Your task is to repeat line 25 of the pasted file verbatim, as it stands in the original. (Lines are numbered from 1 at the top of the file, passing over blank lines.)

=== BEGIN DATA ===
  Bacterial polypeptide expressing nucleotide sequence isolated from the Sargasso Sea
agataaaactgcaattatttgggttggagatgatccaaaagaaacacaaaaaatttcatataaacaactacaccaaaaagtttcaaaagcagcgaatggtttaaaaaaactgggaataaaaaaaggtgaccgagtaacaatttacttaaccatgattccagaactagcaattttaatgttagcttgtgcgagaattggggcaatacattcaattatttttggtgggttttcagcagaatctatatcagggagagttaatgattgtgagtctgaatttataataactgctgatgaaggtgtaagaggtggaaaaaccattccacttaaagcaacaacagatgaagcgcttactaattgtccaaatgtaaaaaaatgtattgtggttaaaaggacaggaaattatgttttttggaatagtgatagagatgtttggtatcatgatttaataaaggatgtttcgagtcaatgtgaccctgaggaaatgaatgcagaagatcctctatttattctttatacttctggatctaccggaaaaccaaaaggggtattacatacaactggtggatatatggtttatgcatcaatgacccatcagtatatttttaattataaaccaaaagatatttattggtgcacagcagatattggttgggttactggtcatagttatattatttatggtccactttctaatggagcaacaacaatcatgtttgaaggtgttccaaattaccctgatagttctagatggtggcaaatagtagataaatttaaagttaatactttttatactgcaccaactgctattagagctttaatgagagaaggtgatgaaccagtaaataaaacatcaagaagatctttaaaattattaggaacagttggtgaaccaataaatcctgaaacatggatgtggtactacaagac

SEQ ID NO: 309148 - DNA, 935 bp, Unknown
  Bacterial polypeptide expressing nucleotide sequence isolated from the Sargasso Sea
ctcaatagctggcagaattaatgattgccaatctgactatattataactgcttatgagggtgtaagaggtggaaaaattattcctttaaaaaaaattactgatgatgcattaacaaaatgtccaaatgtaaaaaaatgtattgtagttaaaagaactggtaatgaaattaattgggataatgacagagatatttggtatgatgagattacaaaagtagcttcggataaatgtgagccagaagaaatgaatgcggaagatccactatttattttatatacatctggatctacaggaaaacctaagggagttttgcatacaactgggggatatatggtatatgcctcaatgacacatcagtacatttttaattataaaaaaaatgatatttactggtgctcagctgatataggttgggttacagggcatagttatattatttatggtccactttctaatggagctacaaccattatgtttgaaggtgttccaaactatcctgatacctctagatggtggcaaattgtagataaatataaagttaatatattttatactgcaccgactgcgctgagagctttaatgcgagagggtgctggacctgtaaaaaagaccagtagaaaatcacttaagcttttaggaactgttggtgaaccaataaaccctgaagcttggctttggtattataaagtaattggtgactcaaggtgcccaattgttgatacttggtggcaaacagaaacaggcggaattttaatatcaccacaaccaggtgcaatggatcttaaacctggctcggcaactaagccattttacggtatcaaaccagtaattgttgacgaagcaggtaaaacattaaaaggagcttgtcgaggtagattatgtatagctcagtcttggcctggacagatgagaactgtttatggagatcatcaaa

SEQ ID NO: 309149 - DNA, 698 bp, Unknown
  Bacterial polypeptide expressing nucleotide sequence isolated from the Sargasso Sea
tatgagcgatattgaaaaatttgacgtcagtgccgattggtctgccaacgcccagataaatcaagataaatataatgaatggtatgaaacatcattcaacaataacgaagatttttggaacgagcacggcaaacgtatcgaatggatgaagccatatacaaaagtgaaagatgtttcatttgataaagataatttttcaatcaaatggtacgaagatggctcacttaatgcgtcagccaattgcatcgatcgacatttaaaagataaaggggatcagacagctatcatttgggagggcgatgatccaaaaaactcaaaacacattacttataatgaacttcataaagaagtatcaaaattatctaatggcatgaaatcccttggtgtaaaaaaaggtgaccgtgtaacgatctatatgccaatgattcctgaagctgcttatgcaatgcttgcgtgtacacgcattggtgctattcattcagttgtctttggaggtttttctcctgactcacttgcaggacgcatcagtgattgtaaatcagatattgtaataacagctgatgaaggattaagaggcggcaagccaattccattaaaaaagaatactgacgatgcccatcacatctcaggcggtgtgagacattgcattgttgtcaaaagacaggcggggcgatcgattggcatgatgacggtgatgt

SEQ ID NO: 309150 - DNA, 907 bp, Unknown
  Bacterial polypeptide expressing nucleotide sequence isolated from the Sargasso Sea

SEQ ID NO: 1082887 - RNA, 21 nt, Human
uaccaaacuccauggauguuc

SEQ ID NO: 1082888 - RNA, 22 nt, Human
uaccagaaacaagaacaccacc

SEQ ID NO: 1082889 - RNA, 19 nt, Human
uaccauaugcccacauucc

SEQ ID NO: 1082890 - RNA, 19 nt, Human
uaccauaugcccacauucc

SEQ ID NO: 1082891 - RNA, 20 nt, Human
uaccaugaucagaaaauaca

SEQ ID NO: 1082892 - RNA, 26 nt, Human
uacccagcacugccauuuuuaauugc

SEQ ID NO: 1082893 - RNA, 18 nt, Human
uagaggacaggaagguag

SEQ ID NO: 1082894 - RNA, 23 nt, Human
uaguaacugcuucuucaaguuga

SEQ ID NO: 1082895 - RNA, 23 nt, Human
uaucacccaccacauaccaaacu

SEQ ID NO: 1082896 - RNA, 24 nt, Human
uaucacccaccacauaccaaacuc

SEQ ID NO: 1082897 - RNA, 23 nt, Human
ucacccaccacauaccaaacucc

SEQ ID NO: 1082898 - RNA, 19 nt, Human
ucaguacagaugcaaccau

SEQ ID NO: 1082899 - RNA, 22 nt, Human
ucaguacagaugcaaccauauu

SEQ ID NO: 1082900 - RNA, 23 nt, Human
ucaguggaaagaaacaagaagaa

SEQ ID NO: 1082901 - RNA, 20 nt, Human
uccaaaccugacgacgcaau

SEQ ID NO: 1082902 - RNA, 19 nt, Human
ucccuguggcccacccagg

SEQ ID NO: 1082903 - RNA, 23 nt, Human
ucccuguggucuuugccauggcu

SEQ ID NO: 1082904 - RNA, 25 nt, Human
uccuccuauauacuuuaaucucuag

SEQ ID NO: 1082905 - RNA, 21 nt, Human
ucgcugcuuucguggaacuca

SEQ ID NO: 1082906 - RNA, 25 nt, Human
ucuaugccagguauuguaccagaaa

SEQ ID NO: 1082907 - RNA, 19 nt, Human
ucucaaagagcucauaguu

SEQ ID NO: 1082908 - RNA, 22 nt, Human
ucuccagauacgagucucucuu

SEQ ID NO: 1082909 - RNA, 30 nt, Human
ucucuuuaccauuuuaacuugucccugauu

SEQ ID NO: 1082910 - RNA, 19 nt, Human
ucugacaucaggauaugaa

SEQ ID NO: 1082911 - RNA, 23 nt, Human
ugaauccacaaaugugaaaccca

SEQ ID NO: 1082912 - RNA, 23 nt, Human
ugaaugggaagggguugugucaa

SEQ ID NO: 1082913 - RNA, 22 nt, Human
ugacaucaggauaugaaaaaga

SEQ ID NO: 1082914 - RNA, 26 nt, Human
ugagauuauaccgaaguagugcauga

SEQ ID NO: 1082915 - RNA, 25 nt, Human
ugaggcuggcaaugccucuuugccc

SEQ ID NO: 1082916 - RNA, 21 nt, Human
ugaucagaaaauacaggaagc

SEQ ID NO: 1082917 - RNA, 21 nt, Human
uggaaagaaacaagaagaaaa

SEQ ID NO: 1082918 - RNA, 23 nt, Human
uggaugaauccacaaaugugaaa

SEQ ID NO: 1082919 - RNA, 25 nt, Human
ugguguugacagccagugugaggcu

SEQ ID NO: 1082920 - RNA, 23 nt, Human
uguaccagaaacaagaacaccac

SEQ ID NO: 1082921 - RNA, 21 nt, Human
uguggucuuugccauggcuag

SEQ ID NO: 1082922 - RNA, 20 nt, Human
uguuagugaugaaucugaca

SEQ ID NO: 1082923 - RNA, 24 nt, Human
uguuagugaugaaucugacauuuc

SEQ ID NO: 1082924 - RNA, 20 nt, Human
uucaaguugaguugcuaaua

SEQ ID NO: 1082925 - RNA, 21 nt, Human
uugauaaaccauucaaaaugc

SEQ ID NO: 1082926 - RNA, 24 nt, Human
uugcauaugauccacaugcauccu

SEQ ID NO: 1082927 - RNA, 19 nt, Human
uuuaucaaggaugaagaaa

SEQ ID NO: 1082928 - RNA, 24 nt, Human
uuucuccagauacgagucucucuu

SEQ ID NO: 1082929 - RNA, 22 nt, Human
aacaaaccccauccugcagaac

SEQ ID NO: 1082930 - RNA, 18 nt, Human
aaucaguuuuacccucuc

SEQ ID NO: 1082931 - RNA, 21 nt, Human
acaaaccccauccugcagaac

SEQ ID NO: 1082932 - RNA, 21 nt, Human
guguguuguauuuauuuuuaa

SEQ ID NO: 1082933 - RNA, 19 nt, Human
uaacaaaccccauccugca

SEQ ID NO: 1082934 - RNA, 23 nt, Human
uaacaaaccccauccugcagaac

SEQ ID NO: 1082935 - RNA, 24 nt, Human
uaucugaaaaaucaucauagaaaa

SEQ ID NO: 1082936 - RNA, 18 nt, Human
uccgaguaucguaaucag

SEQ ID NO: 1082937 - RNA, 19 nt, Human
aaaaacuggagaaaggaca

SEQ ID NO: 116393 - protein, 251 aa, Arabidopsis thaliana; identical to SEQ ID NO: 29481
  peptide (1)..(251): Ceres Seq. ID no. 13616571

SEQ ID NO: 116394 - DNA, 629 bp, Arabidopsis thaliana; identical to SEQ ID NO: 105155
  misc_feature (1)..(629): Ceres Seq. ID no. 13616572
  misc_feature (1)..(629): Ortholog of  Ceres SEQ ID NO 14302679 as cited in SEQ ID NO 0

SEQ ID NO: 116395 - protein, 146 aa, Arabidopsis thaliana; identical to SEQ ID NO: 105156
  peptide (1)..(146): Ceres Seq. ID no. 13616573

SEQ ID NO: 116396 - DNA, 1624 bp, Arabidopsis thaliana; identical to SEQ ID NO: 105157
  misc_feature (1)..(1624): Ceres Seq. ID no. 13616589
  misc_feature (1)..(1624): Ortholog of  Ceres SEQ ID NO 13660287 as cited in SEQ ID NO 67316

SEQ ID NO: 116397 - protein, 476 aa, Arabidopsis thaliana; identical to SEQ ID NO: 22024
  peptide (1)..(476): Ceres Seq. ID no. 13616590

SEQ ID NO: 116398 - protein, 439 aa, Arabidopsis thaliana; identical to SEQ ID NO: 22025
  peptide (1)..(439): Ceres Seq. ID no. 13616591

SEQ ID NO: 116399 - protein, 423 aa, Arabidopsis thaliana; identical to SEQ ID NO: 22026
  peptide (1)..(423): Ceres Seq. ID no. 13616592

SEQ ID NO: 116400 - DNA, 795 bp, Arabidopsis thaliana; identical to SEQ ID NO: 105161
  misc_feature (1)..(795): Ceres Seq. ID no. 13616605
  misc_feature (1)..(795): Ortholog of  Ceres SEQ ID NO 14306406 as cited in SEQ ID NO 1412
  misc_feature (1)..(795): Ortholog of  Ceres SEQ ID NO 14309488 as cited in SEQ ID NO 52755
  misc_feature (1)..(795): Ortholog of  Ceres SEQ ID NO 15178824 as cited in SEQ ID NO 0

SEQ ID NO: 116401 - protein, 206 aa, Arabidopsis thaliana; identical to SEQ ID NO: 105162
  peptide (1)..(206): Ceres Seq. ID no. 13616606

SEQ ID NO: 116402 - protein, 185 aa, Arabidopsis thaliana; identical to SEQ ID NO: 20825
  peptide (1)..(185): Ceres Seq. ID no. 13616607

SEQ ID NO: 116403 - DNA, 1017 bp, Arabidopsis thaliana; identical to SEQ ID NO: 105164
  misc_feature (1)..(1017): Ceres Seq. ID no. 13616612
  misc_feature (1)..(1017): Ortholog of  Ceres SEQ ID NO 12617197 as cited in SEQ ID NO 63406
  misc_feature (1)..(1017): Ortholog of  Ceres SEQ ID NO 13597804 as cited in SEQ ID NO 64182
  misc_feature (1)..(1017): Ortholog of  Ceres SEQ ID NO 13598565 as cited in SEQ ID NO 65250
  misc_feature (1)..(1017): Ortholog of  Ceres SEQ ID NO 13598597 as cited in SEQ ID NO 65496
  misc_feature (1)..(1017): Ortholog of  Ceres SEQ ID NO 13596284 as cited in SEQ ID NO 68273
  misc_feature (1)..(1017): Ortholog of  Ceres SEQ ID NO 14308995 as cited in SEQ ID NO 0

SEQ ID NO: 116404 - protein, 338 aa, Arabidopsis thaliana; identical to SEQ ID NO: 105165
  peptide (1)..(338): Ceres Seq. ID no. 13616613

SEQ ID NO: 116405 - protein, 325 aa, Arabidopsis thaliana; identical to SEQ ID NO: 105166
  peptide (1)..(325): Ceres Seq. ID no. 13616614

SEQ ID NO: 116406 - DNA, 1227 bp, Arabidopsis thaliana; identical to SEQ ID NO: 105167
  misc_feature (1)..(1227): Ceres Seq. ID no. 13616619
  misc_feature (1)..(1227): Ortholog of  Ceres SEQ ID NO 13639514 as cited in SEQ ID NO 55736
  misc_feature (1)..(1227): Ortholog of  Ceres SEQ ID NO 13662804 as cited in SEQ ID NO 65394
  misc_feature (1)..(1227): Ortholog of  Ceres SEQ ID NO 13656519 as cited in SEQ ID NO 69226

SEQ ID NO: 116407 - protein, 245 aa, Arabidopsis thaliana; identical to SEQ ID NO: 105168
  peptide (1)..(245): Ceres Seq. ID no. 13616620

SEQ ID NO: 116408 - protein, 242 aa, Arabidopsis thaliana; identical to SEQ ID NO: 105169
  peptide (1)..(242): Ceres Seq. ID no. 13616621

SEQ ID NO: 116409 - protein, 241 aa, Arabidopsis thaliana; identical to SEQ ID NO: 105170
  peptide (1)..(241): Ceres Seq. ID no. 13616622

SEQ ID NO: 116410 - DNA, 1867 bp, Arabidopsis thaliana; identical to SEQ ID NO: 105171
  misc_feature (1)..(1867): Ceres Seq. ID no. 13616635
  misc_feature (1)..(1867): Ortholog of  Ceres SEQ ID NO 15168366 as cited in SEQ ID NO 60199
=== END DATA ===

SEQ ID NO: 1082894 - RNA, 23 nt, Human